SOURCE: Clear Capital

Clear Capital

April 08, 2010 00:00 ET

Seasonal Adjustments Return: Clear Capital™ Reports U.S. Home Price Appreciation Comes to a Halt as Quarterly Prices Dip 3.9%

U.S. Quarter-Over-Quarter Home Prices Fall for the First Time in Nine Months as National Year-Over-Year Prices Remain Positive Through March (5.1%); and REO Saturation Rates Continue to Rise as Slowing Sales Magnify REO Influences

TRUCKEE, CA--(Marketwire - April 8, 2010) - Clear Capital (, a premium provider of data and solutions for real estate asset valuation, investment and risk assessment, today released its Home Data Index™ (HDI) Market Report. Patent pending rolling quarter technology significantly reduces the multi-month lag time associated with other indices to help investors, loan servicers and individual buyers and sellers make more informed, timely and profitable decisions.

Report highlights include:

  • National / Four Region Overview: The national 3.9% quarter-over-quarter downturn limited year-over-year gains to 5.1%. All four U.S. regions did turn in positive yearly price gains for the first time since spring of 2006, but the milestone was countered by the return of regional quarterly price declines. REO saturation rates continued last month's trend, rising 2.8 percentage points to 28.9%.

  • Metropolitan Statistical Area (MSA) drilldown: Major markets in the West continued to improve, where seven of fifteen of the highest performing markets are located in California. The West region is generally not experiencing the sharp upticks in REO saturation and solid drops in quarterly prices seen in other parts of the country.

  • Micro Market Analysis: Despite signs of recovery in the latter half of 2009, the Minneapolis area returned to quarterly price declines this winter (-3.6%). Some previously troubled Minneapolis micro markets, however, have experienced steep price increases of late.

The Clear Capital HDI Market Report offers the industry, investors and lenders a timely look at pricing conditions, not only at the national and metropolitan level, but within local markets as well. Clear Capital data is built on the most recent data available from recorder/assessor offices, and then further enhanced by adding the Company's proprietary market data for the most comprehensive geographic coverage available.

"At the national level, we are now seeing a return to quarterly price declines after nine months of quarterly gains," said Dr. Alex Villacorta, Senior Statistician, Clear Capital. "Although yearly price changes remain positive compared to last winter's lows, the most recent declines reflect the fragile and volatile state of many housing markets and could signal a trend to renewed lows off last year's levels for several markets."

"The 2.8 percent national increase in REO saturation is also a concern, yet the prevalence of REOs is having a mixed effect on price trends at local levels," added Villacorta. "For example, nearly all of the major markets in California are showing positive quarter-over-quarter growth, while some of the Midwest markets, like the metro areas of Ohio, are now reaching double-digit declines with more than one-in-three homes being sold as REO in both states. This example highlights the disparity among markets, especially with regard to how they respond to increased REO inventory -- some areas will double dip, some will rebound."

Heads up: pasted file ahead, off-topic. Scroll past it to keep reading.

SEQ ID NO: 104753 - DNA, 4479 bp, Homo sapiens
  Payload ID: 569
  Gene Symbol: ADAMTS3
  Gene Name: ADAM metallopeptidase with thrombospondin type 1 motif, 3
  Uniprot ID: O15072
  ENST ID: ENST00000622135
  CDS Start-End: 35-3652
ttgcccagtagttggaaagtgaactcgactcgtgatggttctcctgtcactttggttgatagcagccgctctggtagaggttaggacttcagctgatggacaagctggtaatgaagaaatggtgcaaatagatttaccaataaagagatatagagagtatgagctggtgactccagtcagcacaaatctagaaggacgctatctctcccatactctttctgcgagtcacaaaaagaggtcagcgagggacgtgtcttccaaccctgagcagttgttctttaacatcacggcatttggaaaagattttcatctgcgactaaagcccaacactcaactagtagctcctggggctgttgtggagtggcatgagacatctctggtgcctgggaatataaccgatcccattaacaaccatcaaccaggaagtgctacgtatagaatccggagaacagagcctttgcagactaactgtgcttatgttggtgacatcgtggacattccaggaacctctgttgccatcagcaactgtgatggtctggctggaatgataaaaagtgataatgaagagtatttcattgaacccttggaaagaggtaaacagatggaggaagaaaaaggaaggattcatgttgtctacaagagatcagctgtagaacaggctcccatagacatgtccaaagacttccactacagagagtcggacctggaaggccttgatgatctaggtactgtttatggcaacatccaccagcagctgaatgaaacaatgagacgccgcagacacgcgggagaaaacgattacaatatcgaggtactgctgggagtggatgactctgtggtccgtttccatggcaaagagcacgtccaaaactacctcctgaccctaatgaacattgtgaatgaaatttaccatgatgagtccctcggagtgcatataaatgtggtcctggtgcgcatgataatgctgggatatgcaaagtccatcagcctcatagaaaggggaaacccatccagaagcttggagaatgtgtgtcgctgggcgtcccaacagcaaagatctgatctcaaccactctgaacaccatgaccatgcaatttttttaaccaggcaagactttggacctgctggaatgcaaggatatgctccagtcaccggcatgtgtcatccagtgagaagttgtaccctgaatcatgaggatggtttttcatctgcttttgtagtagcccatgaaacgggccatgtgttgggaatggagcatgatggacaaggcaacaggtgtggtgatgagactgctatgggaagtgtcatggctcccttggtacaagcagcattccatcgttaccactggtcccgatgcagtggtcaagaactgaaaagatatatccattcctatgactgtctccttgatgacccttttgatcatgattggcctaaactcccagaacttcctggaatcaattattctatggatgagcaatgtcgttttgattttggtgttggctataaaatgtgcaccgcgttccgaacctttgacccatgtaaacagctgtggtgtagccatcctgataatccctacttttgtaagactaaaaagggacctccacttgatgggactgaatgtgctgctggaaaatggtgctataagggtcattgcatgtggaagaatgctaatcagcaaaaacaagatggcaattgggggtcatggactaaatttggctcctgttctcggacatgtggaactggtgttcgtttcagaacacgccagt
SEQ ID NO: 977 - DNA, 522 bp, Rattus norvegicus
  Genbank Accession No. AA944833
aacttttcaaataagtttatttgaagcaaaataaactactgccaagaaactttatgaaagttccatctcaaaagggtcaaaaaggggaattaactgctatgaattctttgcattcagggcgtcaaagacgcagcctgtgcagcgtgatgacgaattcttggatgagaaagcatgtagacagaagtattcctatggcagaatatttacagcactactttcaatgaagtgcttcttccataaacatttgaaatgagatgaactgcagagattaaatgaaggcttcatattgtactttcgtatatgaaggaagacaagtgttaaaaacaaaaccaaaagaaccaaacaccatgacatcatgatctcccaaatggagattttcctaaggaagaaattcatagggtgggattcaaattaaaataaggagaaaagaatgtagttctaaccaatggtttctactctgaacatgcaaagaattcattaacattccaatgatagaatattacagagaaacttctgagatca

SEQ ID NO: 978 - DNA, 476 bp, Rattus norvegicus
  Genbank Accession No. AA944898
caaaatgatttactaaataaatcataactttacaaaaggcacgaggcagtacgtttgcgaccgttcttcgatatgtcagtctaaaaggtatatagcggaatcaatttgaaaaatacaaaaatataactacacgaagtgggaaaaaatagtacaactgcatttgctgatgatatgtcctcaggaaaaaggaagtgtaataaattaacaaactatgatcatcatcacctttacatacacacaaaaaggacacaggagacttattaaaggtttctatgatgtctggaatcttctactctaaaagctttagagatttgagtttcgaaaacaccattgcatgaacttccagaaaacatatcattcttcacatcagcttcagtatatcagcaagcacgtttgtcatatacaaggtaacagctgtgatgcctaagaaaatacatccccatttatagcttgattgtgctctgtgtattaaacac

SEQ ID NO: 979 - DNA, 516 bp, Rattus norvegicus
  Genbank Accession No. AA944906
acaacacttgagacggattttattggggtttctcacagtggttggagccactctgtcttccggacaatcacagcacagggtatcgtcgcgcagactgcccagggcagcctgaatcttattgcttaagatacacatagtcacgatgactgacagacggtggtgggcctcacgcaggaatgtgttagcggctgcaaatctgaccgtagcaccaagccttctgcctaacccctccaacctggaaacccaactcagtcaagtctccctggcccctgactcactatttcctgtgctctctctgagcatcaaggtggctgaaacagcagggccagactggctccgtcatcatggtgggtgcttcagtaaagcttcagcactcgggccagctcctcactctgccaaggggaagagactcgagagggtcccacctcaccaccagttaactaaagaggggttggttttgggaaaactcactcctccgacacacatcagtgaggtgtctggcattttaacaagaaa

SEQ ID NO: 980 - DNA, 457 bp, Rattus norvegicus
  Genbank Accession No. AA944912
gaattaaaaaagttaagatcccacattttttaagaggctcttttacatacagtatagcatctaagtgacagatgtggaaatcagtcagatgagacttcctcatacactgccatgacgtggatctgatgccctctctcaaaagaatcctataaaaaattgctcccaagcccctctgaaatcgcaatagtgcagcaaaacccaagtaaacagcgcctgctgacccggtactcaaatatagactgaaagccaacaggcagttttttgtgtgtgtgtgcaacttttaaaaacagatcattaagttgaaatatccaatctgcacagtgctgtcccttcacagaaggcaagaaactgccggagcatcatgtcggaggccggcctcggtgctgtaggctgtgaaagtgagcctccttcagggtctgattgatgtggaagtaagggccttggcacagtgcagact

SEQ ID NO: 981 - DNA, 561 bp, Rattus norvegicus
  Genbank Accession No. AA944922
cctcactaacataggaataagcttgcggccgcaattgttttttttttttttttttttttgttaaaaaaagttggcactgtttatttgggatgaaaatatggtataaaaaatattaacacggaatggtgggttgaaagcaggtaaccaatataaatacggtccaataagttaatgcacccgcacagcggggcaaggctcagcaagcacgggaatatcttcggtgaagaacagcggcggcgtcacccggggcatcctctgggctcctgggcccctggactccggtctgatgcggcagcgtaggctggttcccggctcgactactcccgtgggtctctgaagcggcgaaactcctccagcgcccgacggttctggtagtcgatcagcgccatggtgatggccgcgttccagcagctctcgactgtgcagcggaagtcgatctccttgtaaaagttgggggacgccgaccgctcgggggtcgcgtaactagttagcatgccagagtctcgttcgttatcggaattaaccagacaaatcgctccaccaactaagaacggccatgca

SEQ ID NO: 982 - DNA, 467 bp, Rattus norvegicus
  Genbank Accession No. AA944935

National/Four Region Market Overview (Mar. 2009 - Mar. 2010)

Quarterly prices changed -3.9 percent for the Nation this month, producing the first quarterly loss since June 2009. While still an improvement over the double digit declines seen during the winter of 2009, the loss was significant enough to limit yearly gains to 0.1 percent over last month's reported number, leaving prices up 5.1 percent from this time last year. REO saturation continued last month's trend, rising 2.8 percentage points to 28.9 percent, as slowing sales continued to magnify REO influences.

Although all four U.S. regions transitioned to positive year-over-year price gains for the first time since spring of 2006, this milestone was tempered by the return of quarterly price declines. The volatile Midwest leads the quarterly decline with a -6.7 percent price change, followed by the South (-3.6%), Northeast (-3.5%) and West (-1.3%). The West region saw the smallest quarterly decline and has recently proven the most resilient, showing pricing strength among its significant REO segment as demand from investors and new home buyers helped the region shrug off any potential seasonal slowness.

The 5.1 percent national year-over-year gain reported today reflects how far we've risen since home prices hit their lowest mark one year ago. Before the summer season arrives, we'll likely see reduced national yearly numbers again as we start to compare this year's price changes to the price run-up that started late in the spring of 2009. However, to be called a true "double dip," price declines must extend through the typical spring and summer seasonal lifts and set new record lows.

Metro Markets (Mar. 2009 - Mar. 2010)

Major markets in the West continue to expand their presence in the Highest Performing Major Markets list. With the addition of San Diego and Fresno almost half the highest performing markets are from California, which saw its REO saturation rates rise from last month by an average of 1.1 percent. Much of California's resilience to recent negative price pressures can be attributed to a relatively healthy demand by investors and first time home buyers looking to get into the desirable California market.

With the aim of jumpstarting new home sales, the recently passed California homebuyer tax credit creates an incentive for homebuyers to purchase pending construction. However, this measure could encourage homebuilders to release additional inventory into an already saturated market, potentially hindering sales of existing inventory. The net effect whether the credit will increase demand more than the added inventory is yet to be seen.

All the major markets on this month's list saw negative price changes compared to last month, with the exception of Honolulu, Hawaii, which saw a 0.1 percent gain. These waning quarterly prices remain in contrast to increased yearly gains, and continue to reflect seasonal softening in the marketplace.